I'm trying to stay away from having to do a lot of maintenance with the brakes. I don't know a lot but figured the rim brakes would be much lower maintenance than disc brakes would be. Is this a true assumption or do I have it wrong? Also, what are the pros and cons to both setups?
This gets talked about a lot. Do a search.

I find that something like bb7s are no more maintenance than v-brakes. Some hydraulics can be even less maintenance (virtually none) if they work the way they are supposed to, though when there is a problem they can be loads of hassle.

I think v's work pretty well, and if set up right (including good cables and pads) are about as powerful as most 160mm discs I've tried. However, discs are far more consistent in the wet, are not affected by a rim going out of true, and deal with extended downhill better, because they are far less susceptible to fading when hot. Overall they just work better, IMO.

As far as I can tell, the main advantage to v's are that they are generally lighter, and generally cheaper than discs.

I have had two mtbs for a number of years. I ran v's on the HT for a number of years and disc on the FS, and while I preferred the discs, I never really minded the v's. It was definitely not worth buying a whole new wheelset over. It was not until I needed new wheels that I went with disc.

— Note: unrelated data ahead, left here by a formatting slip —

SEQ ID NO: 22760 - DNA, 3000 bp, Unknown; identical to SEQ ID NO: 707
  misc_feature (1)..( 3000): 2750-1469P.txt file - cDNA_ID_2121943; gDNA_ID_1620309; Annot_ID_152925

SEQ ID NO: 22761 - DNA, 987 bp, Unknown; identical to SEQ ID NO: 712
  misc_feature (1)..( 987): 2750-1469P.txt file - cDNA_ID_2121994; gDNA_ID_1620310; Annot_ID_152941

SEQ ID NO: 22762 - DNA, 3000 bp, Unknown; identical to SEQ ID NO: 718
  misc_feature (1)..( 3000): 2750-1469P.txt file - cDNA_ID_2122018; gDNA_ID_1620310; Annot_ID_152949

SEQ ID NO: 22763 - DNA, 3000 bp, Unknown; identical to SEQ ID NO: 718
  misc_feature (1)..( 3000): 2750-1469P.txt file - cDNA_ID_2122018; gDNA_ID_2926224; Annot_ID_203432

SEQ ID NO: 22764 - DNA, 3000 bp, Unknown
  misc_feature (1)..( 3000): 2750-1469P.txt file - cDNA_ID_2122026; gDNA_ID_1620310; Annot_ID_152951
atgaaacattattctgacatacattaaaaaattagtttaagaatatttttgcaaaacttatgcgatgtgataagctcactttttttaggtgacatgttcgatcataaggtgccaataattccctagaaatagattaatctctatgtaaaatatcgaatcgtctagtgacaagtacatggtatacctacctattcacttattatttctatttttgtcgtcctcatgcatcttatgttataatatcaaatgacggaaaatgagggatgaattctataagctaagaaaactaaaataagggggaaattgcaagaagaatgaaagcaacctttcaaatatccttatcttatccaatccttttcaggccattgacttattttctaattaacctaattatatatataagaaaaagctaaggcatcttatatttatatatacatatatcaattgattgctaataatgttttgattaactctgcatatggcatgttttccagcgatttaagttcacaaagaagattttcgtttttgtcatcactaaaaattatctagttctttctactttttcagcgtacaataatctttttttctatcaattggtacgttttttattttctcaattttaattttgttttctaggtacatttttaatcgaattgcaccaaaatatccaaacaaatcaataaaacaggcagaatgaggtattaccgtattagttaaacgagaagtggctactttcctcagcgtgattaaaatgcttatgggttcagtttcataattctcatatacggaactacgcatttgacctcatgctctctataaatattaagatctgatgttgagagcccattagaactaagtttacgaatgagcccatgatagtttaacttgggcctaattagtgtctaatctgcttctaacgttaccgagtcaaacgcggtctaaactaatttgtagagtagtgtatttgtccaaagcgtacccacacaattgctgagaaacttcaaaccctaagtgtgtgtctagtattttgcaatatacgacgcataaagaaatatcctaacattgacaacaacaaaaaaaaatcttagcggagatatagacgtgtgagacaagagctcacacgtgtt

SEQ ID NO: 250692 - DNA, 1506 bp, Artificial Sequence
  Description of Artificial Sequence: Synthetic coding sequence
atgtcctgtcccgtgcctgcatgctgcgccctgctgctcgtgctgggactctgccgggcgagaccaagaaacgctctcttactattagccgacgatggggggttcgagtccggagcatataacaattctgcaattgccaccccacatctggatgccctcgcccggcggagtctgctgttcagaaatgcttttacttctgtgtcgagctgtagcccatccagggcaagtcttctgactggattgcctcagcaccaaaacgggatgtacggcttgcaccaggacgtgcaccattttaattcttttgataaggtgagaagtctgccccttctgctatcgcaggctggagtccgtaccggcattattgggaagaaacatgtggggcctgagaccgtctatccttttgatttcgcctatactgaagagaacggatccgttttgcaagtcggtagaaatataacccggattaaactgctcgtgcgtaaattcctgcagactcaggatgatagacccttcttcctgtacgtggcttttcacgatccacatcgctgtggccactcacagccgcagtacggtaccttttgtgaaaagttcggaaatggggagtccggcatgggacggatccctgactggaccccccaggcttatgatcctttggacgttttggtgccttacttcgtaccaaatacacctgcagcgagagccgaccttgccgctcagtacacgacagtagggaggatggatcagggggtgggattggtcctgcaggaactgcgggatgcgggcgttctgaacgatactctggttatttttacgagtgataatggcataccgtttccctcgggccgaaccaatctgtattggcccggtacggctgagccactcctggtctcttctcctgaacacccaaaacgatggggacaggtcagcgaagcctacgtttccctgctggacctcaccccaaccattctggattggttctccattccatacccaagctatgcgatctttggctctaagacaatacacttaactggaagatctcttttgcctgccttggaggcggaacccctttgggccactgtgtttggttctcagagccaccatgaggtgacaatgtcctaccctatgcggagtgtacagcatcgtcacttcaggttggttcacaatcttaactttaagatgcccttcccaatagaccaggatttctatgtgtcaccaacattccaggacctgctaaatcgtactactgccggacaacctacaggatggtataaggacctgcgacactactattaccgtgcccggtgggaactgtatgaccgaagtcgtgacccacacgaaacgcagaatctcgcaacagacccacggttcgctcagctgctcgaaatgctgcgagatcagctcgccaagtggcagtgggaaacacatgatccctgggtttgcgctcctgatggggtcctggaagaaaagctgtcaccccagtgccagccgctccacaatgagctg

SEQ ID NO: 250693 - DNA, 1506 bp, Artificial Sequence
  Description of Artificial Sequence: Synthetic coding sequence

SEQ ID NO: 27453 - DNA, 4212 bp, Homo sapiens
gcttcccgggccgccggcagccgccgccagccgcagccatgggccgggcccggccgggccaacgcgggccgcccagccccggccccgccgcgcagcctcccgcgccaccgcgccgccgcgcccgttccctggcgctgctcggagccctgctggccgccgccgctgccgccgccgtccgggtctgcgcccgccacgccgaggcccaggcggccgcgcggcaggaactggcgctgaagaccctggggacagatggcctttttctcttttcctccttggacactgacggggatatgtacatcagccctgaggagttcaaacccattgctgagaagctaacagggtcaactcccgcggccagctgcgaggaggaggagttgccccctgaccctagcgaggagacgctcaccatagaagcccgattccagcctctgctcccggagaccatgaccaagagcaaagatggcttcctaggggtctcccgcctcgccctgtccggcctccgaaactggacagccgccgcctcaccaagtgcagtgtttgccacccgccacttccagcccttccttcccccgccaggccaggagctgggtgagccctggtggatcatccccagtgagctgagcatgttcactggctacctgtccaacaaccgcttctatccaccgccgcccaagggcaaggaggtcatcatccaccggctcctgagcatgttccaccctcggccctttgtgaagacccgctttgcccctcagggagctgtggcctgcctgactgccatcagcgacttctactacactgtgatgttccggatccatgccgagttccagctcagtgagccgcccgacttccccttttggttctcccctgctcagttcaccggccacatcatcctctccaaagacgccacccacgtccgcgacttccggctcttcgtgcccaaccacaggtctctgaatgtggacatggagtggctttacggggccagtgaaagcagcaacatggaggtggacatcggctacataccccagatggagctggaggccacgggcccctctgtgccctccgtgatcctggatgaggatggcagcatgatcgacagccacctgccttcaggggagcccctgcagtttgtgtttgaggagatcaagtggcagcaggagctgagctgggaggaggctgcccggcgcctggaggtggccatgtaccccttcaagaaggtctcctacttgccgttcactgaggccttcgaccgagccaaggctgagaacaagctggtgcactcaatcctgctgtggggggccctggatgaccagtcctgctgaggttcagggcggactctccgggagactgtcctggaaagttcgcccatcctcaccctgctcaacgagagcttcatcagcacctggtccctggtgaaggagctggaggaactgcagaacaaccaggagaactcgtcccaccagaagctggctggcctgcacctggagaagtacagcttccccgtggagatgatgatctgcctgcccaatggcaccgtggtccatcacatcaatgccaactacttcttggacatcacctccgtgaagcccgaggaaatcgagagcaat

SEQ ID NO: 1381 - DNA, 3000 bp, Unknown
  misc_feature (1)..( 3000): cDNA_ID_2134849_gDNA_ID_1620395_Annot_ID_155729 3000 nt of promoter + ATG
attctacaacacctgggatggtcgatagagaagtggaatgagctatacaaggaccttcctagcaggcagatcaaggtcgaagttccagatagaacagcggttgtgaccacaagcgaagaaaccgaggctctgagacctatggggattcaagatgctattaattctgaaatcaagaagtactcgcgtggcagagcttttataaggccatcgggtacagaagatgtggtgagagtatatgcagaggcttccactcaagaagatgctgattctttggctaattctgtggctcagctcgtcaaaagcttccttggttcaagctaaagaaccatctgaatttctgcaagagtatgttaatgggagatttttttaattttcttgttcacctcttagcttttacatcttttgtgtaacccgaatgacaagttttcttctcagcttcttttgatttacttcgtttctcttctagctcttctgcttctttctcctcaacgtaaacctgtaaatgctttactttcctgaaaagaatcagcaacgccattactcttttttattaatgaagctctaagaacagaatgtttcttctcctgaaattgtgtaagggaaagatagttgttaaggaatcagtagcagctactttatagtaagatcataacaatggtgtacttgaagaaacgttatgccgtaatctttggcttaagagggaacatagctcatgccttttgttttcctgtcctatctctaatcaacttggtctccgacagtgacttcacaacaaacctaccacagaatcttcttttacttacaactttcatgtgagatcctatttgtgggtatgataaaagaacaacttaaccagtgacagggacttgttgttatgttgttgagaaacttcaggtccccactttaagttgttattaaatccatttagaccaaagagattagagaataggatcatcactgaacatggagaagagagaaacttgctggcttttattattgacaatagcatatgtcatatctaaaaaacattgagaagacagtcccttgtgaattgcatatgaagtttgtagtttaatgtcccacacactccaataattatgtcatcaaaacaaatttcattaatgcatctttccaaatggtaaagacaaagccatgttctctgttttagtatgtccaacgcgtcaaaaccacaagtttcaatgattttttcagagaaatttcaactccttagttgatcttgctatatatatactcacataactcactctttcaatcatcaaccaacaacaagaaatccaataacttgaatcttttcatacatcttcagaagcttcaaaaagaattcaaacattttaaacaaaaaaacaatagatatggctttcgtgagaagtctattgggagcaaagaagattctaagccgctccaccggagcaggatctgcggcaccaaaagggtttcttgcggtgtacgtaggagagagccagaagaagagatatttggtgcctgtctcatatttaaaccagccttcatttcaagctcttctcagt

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Discussion Starter · #12 ·
Wildeyes said:
Are you buying a new bike, or are you riding something right now that you want to upgrade?
Buying a new bike. My old bike is a Trek 820 and very old so it's time for a new, better one.

I did a quick search on this topic and didn't come up with a lot. I didn't notice the FAQ section, I'll have a look at that. Thanks for the info/advice thus far.
 

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Snagged7 said:
Buying a new bike. My old bike is a Trek 820 and very old so it's time for a new, better one.

I did a quick search on this topic and didn't come up with a lot. I didn't notice the FAQ section, I'll have a look at that. Thanks for the info/advice thus far.
If you are buying new, I think discs are pretty much a no-brainer. There are few new complete builds that even come with v-brakes these days, as most mid to high end forks and frames are now disc-only.
 

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My Disks, Avid J3's even, are pretty much fit and forget, I get 6months out of set of sintered pads riding through mud and everything, all I have to do is replace the pads and realign occasionally which takes 30seconds.

Rim brakes I wear out a set in 1 ride, there a pain to set up right, get a slight buckle in the rim and you get that annoying and slowing effect.

I wouldn't touch a cable disk though, I had 1 first not a good 1 but horrible, the lever feel compared to hydro's is just horrible, much less control.
 

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Avid is the only company I know that makes a decent cable disk brake. If you go with hydraulic, you would have to go through the hassle of bleeding them and then they self adjust an you only use 1 finger to stop yourself.